Digital change could bring $300bn
THE ADOPTION of digitalisation by African countries could add $300 billion (R4 trillion) to the continent’s economy by 2026, with South Africa poised to derive the most benefits.
This is according to an inaugural report released yesterday by global technology firm Siemens.
The 2017 African Digitalisation Maturity Report was conducted by the company to benchmark levels of digitalisation in South Africa, Nigeria, Kenya and Ethiopia, with emphasis on the sectors of transport, manufacturing and energy.
The assessment was sent to Siemens’ existing and potential clients in the countries.
Sabine Dall’Omo, the chief executive of Siemens Southern and Eastern Africa, said that for Africa to compete in the digital age, it needed to implement policy and create an environment conducive for knowledge sharing.
“One need only look at the impact of cellphone technology and smar phones in Africa to see how innovation can leapfrog older technologies at an almost breathtaking speed,” Dall’Omo said.
Siemens said it had received 105 responses from South African companies across the manufacturing, energy and transport industries. The report focused on four pillars of economic maturity – the digital environment, infrastructure, skills and digital literacy – in the four countries.
South Africa emerged as the country with the highest potential to realise digital maturity, followed by Kenya, Nigeria and Ethiopia.
South Africa also came first on economic maturity, with a score of 43 points out of 100, followed by Kenya with 33, Ethiopia at 26 and Nigeria with 18 points.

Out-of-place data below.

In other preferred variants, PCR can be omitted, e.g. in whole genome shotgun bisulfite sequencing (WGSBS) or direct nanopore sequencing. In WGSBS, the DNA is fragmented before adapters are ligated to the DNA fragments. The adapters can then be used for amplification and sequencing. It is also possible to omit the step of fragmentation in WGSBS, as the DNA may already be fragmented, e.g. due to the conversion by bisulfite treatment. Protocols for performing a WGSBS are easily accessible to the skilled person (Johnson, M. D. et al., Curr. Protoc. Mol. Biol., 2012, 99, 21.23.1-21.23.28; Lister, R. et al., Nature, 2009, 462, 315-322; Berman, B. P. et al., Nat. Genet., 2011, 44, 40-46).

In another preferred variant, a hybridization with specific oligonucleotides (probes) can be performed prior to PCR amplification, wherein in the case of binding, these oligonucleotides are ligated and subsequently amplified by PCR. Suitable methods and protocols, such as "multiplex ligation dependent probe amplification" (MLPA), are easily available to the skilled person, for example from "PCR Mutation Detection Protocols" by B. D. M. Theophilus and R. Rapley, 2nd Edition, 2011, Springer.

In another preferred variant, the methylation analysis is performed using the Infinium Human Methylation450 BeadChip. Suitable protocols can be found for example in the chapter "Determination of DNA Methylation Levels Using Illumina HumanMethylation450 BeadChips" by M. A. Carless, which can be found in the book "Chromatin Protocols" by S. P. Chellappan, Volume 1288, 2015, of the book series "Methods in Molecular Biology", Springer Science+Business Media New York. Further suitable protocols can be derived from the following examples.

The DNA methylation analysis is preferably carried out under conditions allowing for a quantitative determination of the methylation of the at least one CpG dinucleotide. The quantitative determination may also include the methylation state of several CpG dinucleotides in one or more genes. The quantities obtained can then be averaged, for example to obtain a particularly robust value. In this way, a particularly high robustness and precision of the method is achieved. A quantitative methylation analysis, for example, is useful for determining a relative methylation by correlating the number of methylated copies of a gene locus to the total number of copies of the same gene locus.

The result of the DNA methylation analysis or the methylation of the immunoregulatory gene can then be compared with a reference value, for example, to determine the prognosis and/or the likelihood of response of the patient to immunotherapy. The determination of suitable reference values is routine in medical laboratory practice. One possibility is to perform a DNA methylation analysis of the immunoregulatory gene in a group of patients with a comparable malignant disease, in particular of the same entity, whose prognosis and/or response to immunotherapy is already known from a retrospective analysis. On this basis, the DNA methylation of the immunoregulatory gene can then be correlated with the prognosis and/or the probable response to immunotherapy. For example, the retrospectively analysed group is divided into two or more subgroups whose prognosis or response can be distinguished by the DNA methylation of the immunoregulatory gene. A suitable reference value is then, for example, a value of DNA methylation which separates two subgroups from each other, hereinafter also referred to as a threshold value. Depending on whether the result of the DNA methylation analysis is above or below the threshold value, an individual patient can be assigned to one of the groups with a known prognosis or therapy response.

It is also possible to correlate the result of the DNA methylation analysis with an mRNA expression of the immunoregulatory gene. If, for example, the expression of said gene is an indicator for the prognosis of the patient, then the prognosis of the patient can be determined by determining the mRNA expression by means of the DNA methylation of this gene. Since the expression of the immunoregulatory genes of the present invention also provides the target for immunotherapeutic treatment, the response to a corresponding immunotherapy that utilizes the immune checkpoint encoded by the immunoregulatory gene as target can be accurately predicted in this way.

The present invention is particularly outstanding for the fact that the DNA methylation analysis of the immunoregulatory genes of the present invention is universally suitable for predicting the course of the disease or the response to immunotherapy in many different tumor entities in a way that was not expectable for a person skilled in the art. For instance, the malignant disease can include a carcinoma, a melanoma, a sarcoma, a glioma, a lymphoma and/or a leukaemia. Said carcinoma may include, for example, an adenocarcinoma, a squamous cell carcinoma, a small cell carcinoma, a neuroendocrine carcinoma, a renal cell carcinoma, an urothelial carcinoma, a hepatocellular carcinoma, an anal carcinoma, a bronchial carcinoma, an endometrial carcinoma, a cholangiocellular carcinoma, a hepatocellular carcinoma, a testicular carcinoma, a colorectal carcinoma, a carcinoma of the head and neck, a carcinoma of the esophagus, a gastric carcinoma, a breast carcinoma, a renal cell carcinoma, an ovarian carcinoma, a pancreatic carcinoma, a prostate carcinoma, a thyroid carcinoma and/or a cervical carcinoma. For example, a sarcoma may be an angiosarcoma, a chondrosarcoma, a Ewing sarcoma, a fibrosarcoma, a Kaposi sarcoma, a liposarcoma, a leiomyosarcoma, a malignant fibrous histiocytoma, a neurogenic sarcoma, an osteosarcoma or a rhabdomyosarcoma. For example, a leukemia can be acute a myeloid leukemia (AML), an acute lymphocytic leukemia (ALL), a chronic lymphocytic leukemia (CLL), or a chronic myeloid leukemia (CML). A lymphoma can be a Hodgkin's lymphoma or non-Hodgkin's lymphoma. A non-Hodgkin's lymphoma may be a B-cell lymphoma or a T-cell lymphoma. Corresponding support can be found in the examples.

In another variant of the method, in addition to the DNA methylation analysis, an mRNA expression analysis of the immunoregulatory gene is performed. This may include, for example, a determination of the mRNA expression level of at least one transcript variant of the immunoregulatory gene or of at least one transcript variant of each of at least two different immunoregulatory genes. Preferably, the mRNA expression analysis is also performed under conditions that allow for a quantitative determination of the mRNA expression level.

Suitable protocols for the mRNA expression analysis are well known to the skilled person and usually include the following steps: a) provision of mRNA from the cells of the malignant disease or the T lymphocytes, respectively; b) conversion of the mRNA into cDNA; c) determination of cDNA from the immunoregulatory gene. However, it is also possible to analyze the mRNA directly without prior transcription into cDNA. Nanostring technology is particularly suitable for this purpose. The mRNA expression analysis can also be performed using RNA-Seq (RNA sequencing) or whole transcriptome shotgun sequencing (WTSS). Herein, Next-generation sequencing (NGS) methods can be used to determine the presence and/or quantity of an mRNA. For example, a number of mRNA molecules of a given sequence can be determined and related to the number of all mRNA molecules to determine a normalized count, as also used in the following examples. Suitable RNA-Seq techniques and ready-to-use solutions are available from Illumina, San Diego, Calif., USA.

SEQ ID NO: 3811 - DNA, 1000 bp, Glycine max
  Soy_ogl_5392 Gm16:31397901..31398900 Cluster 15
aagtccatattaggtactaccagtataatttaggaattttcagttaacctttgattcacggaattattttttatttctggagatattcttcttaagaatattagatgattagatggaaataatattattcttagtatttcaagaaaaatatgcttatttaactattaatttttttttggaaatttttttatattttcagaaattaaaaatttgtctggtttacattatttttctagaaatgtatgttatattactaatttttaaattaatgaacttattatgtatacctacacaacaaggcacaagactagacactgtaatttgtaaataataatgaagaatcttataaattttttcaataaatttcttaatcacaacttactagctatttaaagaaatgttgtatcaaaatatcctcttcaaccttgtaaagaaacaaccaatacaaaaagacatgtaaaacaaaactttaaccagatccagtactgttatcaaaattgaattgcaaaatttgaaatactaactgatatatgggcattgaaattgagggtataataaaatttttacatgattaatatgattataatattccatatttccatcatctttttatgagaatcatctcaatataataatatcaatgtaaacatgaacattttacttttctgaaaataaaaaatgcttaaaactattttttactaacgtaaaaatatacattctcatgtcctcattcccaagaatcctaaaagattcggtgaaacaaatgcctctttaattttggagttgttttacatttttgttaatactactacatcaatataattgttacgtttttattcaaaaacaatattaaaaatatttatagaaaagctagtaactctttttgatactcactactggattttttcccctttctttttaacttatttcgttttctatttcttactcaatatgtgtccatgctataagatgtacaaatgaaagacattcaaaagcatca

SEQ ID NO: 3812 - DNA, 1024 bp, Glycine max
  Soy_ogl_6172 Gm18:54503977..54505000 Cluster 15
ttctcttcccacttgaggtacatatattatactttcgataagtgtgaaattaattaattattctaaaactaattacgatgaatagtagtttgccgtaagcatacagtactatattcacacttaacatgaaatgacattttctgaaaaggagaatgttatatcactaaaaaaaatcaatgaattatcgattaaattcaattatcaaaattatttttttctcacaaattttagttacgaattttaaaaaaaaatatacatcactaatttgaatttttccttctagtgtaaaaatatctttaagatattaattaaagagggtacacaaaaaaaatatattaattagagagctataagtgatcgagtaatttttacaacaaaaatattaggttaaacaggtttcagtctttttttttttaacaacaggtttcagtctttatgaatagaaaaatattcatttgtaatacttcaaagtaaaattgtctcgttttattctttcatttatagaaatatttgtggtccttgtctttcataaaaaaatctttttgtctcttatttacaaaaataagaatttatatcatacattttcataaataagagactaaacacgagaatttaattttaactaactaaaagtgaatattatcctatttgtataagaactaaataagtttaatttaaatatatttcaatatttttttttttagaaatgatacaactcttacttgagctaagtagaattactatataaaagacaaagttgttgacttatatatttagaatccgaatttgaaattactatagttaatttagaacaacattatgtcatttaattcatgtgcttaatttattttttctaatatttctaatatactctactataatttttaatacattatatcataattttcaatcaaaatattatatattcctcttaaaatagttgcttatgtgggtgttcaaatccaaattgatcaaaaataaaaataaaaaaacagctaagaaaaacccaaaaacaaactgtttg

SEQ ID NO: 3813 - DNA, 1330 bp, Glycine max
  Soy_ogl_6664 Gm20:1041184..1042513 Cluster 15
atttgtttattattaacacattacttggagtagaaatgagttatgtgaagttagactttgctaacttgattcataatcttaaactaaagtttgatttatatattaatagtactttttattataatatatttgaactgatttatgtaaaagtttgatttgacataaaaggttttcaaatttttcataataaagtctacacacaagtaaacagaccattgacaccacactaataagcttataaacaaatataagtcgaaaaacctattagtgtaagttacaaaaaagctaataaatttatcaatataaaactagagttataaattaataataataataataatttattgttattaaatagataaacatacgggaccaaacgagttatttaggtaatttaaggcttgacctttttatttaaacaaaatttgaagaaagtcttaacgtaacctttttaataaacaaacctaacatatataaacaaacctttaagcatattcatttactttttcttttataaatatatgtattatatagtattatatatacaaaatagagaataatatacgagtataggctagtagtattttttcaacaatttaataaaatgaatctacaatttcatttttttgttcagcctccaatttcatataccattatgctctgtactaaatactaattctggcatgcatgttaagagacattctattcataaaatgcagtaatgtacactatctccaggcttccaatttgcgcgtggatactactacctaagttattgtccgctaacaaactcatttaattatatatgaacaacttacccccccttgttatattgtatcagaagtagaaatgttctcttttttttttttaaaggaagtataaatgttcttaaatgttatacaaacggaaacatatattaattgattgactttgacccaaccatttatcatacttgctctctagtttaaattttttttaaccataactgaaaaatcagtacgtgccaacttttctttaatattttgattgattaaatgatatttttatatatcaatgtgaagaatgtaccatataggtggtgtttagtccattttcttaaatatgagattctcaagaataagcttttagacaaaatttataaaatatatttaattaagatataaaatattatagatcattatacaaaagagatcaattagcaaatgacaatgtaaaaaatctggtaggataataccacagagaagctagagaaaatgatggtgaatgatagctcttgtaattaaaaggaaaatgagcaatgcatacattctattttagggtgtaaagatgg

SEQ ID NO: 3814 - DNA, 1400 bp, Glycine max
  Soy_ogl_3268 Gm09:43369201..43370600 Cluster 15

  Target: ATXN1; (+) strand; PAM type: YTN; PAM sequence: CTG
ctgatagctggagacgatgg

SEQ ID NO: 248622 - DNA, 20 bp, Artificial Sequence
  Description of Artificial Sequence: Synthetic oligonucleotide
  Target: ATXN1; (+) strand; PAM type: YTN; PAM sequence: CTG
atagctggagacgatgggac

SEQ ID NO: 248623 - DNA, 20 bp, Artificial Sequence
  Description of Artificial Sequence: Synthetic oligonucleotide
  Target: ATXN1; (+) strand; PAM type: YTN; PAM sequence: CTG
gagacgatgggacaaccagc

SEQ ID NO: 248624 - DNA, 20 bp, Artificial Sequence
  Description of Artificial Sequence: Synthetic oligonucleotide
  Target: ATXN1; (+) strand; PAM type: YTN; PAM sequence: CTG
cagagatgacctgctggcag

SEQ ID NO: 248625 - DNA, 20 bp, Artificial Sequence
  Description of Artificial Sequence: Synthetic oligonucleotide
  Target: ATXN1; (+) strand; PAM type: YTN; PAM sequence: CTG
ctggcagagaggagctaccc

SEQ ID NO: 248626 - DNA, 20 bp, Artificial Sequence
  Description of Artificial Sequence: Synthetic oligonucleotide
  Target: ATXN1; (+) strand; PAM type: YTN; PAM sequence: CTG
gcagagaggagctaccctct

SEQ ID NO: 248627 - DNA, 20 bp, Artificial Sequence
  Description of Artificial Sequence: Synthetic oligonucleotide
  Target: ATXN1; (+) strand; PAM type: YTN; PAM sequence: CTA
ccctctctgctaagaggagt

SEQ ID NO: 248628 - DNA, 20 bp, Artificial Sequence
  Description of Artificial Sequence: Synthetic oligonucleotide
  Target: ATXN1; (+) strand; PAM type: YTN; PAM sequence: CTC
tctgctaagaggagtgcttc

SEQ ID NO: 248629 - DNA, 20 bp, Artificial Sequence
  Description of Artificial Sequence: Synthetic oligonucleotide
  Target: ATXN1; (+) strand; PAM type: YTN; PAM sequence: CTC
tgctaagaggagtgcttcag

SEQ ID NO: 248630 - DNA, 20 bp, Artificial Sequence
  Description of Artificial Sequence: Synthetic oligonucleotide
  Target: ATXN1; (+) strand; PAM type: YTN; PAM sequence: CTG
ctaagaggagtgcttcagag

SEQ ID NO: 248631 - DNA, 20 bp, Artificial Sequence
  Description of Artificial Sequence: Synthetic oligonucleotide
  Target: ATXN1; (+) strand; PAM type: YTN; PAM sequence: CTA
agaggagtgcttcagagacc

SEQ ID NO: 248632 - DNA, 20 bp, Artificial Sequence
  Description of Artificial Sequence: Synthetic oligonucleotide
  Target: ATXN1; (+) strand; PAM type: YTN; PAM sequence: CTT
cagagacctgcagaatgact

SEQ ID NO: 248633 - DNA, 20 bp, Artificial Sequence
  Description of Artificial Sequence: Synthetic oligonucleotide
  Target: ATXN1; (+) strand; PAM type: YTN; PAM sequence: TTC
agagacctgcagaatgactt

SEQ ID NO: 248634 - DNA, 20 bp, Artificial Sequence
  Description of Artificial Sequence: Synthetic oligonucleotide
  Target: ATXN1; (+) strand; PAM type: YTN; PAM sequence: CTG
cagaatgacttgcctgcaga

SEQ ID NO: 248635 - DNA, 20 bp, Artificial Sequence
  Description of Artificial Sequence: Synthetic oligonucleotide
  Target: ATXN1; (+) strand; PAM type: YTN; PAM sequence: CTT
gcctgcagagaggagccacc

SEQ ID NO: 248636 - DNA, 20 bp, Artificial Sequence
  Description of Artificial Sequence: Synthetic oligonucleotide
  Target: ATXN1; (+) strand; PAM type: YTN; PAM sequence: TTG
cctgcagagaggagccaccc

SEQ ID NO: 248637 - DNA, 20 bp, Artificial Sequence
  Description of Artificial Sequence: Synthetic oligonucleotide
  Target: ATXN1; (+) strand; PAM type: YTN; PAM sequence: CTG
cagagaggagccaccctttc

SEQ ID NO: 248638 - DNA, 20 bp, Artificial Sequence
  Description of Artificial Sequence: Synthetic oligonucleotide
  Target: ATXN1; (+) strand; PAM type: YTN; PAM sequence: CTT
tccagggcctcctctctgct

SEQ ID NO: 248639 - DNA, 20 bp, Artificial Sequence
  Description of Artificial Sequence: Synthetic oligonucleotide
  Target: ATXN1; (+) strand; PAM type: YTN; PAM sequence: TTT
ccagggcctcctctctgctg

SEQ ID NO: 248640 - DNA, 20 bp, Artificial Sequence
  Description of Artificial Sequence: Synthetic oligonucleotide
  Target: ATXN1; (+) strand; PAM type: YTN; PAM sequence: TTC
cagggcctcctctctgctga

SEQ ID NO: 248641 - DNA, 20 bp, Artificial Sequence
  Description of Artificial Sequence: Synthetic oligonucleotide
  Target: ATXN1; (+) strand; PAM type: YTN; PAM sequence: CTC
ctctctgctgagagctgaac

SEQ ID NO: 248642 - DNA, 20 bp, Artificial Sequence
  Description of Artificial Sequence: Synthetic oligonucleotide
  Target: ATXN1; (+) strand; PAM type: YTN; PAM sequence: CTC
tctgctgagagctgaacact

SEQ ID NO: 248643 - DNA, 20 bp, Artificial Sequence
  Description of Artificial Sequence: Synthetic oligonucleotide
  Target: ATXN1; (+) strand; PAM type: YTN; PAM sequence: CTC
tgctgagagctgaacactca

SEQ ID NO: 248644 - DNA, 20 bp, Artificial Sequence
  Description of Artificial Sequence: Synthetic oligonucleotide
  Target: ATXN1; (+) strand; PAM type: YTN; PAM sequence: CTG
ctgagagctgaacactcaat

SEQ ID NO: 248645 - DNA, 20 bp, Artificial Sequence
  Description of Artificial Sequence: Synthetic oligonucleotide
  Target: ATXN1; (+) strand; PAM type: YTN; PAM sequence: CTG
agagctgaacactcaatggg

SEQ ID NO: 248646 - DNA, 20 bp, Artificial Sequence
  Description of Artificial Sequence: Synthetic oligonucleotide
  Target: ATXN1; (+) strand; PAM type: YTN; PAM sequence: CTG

The country again led the way in digital environment at 60 points, followed again by Kenya with 55, Nigeria at 46 and Ethiopia at 27.
South Africa was also first with regard to ICT infrastructure, with 82 points, followed by Nigeria with 49, Kenya at 44 and Ethiopia with 33 points.
With regard to skills and digital literacy, South Africa came in first with 53 points, Kenya second with 38 and Nigeria had a score of 35 points and Ethiopia 20.
Last year, PricewaterhouseCoopers (PwC) released its report on the outlook for digitalisation in the world. The Industry 4.0: Building the Digital Enterprise report estimated that 87 percent of South African companies planned to introduce new digital products over the next five years.
The report also found that the levels of digitalisation would increase from 27 percent to 64 percent by 2020. The companies surveyed by PwC said they will invest up to R6bn a year in the five years in their digitalisation programmes.
Dall’Omo said while digital advances had been made on the continent, there were still infrastructure gaps to be met. “Based on the report’s findings, the understanding of energy diversification across the continent is not very high.”